Apple’s latest quarterly numbers may have managed to meet market expectations but there are signs of a margin crunch for the tech giant. Horace Dediu takes a stab at what might be behind the squeeze.
I really expected Apple’s margins to improve last quarter. They didn’t and so the question I needed to answer is why. Here is a history of Apple’s gross margin and operating margin as reported since late 2005:
For a company selling hardware these are extraordinarily high margins. They are higher than those of Google and have narrowed the gap with Microsoft, neither of which has a high proportion of hardware sales:
But they are not growing and the reason is to be found in the reason they grew in the first place: because of the proportion of iPhones making up the total sales.
As a reminder, the iPhone is a uniquely profitable product. I estimate that it obtains about 50 per cent gross margins. The history of these estimates is shown below:
It remains in stark contrast to the margins Apple obtains for its other products. Much of that is due to the pricing power of the product as shown below:
Notice how the launch of the iPhone 5 and the persistence of two previous generations of iPhones (and their lowered pricing) has barely put pressure on pricing.
Contrast that with the iPad. As its breadth of offerings increases, it causes a lower price per unit. The iPhone is now at $US613 per unit, even with two older generation products available. (The lowest price was in Q2 2012 when the average price was $US608.) The iPad is at $US449 per unit, down from $US662 at launch three years earlier.
So overall, margin is a function of three things:
Price changes: iPhone had a small reduction (from $US635 to $US613) but the iPad has had a moderate reduction in price (from $US531 to $US449).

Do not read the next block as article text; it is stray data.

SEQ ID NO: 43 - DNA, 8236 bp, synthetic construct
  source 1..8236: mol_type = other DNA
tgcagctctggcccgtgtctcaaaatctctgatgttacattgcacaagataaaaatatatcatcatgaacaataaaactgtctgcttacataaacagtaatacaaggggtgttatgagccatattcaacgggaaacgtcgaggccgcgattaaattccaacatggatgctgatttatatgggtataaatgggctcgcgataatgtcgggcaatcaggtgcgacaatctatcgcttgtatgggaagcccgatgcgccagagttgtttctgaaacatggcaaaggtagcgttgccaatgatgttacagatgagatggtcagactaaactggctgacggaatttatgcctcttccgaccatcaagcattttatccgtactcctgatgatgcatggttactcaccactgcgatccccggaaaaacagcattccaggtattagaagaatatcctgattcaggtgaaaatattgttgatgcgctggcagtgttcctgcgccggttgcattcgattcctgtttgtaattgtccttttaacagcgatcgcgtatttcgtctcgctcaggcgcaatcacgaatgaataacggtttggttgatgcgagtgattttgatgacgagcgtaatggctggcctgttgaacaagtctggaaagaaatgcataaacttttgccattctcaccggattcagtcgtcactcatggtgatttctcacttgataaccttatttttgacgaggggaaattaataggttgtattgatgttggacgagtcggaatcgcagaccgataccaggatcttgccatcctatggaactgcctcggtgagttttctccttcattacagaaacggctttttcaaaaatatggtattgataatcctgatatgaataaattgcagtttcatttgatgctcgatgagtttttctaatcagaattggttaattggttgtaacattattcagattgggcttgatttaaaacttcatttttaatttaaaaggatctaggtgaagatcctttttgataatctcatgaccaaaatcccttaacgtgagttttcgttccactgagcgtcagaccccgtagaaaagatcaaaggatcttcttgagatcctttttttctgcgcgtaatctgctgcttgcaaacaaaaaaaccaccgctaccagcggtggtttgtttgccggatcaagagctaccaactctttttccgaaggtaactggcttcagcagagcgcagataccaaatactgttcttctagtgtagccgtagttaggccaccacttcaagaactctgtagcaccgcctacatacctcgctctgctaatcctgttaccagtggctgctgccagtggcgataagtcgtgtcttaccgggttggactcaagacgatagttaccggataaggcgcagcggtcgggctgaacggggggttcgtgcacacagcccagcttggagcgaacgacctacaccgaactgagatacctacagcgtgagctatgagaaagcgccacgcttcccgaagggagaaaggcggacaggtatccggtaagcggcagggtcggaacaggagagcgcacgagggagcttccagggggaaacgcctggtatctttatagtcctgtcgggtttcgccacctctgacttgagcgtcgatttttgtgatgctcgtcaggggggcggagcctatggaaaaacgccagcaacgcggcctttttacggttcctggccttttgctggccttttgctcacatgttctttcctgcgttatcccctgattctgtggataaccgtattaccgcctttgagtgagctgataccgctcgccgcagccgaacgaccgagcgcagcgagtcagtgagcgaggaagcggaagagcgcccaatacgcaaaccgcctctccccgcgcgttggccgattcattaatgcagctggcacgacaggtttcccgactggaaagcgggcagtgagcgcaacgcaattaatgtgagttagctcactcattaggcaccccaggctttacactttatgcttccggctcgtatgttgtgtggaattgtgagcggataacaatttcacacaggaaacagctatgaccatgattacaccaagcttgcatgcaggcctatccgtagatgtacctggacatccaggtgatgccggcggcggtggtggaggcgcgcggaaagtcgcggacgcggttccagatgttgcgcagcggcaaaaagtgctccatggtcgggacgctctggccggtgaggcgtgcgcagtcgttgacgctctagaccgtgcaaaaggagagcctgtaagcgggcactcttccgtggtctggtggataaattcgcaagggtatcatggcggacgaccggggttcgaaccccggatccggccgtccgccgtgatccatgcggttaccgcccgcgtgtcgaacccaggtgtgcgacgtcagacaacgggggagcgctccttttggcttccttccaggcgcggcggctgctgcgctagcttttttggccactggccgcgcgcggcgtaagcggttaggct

Cost of components: This is reflected in product-line gross margins which can only be estimated. Compared to last year I estimate that the iPhone gross margin dropped from 58 per cent to 48 per cent. iPad margins also fell from about 38 per cent to 27 per cent. The reasons were given by management as “Last year, our business benefited from …a more favourable foreign currency environment, and historically low costs.”
Mix of high and low margin products: The iPhone units grew at 7 per cent but the iPad units grew by 65 per cent. A year ago iPhones were 58 per cent of revenues and this year they were 53 per cent. The iPads were 17 per cent and now they are 20 per cent.
The result is seen in this one graph showing the allocation of revenues and margins by product:
So what is surprising? My expectations were met in terms of iPhone units (and exceeded in terms of iPad units). The mix was also something that falls out of the unit expectations. The pricing is also not surprising.
My guess is that the largest contribution to the “reduction of margin” is the increased cost of components. Note that the graph implies that even though iPhone revenues were nearly flat at 3 per cent growth, the cost of those revenues went up by 29 per cent. In addition, the iPad revenues grew 40 per cent while costs went up 65 per cent.
Unit pricing (and implicitly competitive pressure) is still not the primary cause of the reduction in Apple’s margins. Indeed, the curious thing is that margins are now at levels seen for most of 2009 and 2010, a time when the iPhone (and iPad) were seen as near monopolies in their respective categories.
Horace Dediu is founder and managing director of Asymco, a Helsinki-based app developer/industry analysis advisory firm. You can find his blog here.